My 5 year old daughter is 4 feet tall and weighs 59 pounds. I would like to help her slim down.

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I was very happy to find your website as I cannot seem to get answers anywhere about my 5-year-old daughter. She is exactly four feet tall and weighs 59 pounds. She carries most of this weight around her middle and her stomach sticks out quite a bit. She has become very aware of her size and I would like to help her slim down, but I don’t know where to begin. How many calories a day should she be eating, how many from fat and how do I figure this all out?

I have cut back on snacks although she never had many ‘bad’ ones to begin with usually fruit or crackers. She is fairly active in swimming lessons and plays with her friends outside a lot. I really don’t know what to do. Please help this has become a real issue in her life and as a result mine too!

Your daughter’s doctor probably has documented your daughter’s height/weight in her medical record since birth. What we like to see in children is continued growth at their own rate. What we don’t like to see is growth dropping off or flattening out for more than 3 to 6 months (depending on child’s age). Physical growth parallels brain growth which continues until age 10. Restricting calories could impair her brain development. Growing kids need fat to grow nerve tissue, make hormones and as carriers of fat-soluble vitamins (A, vitamin D, vitamin E, K ).

Have you tried the Healthy Kid Calculator®? I entered your daughter’s data. She is tall for height (above the 97% percentile for a 5-year 7-month-old girl) and appropriate weight for height (above the 97% percentile for a 5-year 6-month-old girl). So relax as she is OK. Her BMI is 18 and the healthy range for her age is 13 to 19.

Without knowing her daily activity, I couldn’t estimate her calorie intake and feel this would be unnecessary given her weight is appropriate for her height. She does not need a calorie or fat restricted eating plan unless ordered by her doctor for medical reasons other than weight.

Your daughter is physically active in swimming and playing outside. At least she isn’t a cartoon couch potato! Why not plan some parent and daughter activities like walking or bike riding? You may have to slow down your pace, but you will be modeling a lifetime of exercise habits.

It sounds like you are concerned about what she eats and I would suggest de-emphasizing food. Since you are probably the food shopper, I will speak to you. Buy a variety of foods using My Plate to create your menu. Allow your daughter some input into selecting foods when shopping. For example, you can teach her to choose healthy foods over junk foods by what foods you buy and cook for your family. Offer her appropriate choices and allow her to choose from among healthy foods. Start with cereals or snacks. For instance, allow her to pick cold cereals with less than 8 grams of sucrose per serving on the Nutrition Facts food label. Watch out in grocery stores because higher sugar cereals are usually on the bottom shelf at a child’s height. Don’t overemphasize low fat or fat-free foods. Buy the regular version of foods and offer appropriate serving sizes for her age. Encourage her to taste new foods as it may take 10 times of trying a new food before she likes it.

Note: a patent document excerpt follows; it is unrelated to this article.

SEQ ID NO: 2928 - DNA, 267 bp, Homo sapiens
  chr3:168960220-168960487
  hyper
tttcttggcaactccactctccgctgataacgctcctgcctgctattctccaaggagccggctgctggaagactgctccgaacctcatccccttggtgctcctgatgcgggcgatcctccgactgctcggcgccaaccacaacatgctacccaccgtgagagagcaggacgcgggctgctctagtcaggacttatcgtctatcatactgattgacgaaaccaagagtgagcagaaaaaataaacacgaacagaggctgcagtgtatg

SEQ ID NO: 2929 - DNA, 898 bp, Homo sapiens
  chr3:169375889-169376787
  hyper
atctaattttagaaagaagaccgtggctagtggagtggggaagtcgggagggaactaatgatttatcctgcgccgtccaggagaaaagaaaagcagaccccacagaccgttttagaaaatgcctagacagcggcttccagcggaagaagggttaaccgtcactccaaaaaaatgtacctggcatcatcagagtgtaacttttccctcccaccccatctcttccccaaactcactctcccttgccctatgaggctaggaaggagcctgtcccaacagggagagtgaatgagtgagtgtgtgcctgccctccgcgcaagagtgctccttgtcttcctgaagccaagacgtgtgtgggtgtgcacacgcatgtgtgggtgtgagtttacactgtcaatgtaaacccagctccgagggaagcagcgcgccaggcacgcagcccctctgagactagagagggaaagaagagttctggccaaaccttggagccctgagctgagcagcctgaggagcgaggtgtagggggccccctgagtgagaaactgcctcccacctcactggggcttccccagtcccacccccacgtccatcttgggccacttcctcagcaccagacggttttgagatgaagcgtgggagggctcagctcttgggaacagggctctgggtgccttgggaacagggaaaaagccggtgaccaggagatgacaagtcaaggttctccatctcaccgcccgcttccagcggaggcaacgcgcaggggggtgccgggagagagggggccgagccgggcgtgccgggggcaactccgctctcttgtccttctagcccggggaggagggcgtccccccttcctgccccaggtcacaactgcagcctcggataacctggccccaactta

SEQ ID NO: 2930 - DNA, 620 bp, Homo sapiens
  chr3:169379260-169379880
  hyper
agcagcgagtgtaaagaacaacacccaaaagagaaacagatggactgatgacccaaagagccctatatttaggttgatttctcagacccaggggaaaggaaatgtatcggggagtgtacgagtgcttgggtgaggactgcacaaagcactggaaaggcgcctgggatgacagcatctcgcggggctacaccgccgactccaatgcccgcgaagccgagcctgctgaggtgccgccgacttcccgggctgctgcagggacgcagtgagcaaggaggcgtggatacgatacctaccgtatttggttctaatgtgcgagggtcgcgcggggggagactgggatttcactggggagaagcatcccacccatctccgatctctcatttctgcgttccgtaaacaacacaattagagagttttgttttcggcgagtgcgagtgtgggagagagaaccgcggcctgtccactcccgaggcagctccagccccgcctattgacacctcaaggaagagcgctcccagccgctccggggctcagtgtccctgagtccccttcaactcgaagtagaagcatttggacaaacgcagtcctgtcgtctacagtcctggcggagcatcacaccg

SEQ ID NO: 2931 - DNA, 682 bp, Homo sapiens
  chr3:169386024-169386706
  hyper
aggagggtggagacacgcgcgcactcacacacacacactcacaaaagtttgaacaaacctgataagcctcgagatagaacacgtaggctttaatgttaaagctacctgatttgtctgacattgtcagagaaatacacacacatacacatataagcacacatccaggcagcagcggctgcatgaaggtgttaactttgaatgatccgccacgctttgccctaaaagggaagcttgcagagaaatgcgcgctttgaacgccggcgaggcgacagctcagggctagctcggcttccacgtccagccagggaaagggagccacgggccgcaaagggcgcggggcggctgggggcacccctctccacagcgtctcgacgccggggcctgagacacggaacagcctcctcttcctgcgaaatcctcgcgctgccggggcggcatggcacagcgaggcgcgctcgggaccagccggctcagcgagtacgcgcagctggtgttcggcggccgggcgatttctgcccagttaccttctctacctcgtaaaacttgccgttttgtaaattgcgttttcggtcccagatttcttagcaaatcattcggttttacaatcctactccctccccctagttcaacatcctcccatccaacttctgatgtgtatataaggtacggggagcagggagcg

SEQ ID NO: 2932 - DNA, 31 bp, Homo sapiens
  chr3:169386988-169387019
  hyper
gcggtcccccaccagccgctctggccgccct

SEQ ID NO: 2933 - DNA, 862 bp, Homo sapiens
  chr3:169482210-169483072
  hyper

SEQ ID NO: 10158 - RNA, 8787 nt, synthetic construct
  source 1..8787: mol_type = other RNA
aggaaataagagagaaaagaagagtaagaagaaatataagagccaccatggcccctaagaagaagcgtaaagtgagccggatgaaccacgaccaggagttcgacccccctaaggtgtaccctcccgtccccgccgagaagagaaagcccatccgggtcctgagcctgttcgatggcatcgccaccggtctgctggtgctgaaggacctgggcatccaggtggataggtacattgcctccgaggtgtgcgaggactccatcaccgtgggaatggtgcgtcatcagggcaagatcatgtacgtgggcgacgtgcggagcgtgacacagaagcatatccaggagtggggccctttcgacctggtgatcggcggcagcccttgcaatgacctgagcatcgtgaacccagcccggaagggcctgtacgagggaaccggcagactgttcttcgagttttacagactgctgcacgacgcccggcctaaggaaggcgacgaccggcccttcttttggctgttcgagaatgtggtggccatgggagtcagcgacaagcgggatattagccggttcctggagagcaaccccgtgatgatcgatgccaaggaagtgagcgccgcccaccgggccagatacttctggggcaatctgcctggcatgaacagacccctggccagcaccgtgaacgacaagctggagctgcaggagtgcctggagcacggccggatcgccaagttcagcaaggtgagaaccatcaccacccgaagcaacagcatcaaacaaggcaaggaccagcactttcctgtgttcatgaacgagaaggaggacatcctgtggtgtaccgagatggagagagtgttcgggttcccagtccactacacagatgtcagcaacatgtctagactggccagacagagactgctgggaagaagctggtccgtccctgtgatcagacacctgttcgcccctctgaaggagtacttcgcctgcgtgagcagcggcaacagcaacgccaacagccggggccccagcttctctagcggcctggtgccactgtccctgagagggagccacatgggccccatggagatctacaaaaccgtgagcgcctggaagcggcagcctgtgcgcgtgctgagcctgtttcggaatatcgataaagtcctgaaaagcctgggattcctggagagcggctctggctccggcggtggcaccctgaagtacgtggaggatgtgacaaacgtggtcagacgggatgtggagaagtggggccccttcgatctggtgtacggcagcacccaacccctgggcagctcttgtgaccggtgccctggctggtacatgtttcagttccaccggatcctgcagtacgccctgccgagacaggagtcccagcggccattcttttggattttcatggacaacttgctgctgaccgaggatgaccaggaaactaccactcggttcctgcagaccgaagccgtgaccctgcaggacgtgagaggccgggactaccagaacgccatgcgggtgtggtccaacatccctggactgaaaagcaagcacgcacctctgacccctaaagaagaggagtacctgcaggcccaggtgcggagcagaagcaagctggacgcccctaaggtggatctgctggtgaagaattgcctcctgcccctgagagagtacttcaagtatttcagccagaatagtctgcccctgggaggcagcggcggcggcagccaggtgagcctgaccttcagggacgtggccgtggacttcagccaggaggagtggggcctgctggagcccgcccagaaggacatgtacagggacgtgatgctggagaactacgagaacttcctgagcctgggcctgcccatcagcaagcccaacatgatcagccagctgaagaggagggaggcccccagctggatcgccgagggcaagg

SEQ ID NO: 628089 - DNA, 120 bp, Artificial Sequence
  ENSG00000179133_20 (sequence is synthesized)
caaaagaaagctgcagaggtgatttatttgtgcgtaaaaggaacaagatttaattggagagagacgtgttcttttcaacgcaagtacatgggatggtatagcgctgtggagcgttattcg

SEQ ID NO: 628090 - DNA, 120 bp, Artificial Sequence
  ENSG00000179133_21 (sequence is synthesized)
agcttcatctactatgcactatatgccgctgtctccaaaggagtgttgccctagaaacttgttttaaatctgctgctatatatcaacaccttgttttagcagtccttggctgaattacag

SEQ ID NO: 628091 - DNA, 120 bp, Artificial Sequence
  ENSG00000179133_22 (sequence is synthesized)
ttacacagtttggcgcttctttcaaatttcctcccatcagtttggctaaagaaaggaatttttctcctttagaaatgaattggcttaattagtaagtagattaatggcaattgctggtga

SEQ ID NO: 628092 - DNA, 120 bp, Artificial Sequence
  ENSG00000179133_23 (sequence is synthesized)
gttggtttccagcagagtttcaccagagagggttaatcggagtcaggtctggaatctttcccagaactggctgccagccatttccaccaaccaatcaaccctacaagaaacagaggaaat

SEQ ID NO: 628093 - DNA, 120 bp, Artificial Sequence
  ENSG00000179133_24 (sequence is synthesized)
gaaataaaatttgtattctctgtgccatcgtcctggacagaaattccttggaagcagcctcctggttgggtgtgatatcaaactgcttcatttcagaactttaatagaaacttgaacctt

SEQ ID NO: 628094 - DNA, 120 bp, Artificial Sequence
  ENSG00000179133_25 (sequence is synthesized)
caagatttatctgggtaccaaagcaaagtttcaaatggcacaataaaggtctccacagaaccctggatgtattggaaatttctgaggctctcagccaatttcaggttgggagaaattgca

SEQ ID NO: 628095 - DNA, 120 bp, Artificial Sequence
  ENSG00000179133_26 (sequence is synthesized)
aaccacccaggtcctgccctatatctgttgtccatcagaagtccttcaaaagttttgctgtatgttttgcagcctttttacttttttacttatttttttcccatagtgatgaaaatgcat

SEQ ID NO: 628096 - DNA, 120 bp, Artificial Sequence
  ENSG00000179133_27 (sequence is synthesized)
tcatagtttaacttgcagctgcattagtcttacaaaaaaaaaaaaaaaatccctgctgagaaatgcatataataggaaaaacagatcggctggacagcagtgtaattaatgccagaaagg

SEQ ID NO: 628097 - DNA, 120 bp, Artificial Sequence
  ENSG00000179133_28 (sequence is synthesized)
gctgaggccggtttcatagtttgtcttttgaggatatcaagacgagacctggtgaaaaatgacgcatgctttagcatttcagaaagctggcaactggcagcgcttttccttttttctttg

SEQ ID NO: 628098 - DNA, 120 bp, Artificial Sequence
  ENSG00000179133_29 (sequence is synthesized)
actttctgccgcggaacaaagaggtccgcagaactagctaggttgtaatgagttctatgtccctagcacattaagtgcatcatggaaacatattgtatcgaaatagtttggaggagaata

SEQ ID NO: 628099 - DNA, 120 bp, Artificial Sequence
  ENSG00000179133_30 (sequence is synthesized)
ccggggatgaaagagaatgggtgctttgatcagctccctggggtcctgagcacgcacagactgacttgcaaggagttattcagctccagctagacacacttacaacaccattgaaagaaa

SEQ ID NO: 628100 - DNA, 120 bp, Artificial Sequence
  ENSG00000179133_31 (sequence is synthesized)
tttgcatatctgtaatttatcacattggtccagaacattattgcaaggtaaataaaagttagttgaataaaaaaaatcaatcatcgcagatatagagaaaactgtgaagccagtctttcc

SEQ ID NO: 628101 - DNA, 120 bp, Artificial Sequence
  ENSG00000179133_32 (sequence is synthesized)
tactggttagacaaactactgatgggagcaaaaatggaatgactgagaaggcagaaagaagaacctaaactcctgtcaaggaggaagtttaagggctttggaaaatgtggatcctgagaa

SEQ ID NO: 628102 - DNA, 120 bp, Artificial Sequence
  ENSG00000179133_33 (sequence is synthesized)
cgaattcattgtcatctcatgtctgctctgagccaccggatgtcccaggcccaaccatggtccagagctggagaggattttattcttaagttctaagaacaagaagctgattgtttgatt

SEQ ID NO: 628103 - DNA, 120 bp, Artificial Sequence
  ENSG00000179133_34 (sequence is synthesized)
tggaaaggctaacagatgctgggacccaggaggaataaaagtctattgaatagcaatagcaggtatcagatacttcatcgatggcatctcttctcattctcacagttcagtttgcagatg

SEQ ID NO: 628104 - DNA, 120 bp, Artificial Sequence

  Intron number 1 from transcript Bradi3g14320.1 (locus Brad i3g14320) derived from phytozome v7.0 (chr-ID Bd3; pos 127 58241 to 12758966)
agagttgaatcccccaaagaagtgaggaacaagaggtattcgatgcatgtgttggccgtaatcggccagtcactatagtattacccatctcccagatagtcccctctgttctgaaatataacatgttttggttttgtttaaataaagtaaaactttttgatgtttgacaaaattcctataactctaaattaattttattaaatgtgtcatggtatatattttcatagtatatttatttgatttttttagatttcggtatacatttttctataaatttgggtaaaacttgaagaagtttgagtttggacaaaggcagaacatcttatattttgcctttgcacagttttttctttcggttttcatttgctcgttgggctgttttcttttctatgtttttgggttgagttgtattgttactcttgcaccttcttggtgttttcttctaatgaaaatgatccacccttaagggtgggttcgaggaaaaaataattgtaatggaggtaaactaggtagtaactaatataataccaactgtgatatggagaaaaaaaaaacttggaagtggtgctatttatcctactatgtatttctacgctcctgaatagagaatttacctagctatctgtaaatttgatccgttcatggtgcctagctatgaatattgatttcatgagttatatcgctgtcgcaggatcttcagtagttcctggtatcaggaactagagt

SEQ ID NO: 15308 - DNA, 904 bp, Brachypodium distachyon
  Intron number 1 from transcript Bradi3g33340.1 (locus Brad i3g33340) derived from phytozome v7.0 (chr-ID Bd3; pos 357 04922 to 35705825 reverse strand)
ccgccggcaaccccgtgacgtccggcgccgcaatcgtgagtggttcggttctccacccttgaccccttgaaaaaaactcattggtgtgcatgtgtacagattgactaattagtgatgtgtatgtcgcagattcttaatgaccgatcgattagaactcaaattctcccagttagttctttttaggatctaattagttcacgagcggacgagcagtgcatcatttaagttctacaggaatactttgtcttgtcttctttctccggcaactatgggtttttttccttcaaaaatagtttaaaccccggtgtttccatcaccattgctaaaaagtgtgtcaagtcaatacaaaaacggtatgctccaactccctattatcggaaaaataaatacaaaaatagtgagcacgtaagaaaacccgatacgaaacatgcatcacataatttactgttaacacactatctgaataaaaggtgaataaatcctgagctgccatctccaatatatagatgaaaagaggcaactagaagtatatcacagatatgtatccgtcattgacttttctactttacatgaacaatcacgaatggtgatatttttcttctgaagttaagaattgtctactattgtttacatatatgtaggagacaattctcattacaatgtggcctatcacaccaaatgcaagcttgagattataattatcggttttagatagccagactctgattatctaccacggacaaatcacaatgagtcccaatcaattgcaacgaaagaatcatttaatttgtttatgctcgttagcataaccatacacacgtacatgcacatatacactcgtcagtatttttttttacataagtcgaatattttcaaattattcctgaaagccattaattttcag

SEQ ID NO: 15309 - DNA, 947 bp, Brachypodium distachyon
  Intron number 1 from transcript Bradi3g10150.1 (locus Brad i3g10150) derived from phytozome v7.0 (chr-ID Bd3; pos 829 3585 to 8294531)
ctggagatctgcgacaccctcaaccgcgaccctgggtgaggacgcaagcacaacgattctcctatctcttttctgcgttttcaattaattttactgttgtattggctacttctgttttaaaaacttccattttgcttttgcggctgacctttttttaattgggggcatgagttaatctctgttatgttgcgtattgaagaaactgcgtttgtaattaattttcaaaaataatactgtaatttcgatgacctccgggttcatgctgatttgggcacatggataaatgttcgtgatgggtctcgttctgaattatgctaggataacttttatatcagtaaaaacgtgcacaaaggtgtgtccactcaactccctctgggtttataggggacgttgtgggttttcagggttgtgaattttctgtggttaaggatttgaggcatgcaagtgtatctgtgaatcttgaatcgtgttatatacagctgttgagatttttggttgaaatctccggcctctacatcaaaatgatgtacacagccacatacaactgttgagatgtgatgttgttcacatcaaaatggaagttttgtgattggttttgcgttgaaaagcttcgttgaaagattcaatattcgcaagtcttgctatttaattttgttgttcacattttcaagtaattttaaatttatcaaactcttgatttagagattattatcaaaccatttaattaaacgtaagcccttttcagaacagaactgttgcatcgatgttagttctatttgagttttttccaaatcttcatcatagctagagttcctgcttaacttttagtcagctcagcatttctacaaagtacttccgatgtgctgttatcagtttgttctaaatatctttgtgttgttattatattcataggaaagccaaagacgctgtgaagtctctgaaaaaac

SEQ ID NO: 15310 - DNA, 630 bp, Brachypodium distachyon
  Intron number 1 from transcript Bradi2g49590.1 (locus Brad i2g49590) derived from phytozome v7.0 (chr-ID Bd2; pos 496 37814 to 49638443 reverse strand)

Take a look around. The American public is getting fatter even with the proliferation of low fat and fat-free foods. These foods are not calorie free. The American public needs to be more physically active.

I periodically talk to young children about nutrition and am very concerned when 5-year-olds pinch fat around their middles while exclaiming how fat they are. Five-year-old children should not be concerned about their body fat; they should be concerned about just being kids. After working in an anorexia and bulimia eating disorders therapy group for 4 years, that behavior shocks me that children that young would be concerned about their body fat. What I am trying to gently say to you is ease up on your concern for your daughter’s weight and food choices or you may be encouraging the development of an eating disorder. Some research shows that when parents are the food restrictors, children actually gain more weight.

It is normal for children to have some body fat and rounding to their bodies. Encourage your daughter to be a strong, physically active girl who is accepting of her body image. She will need your support and encouragement as she is going to be the tallest girl in her class in school if she keeps growing at the same rate.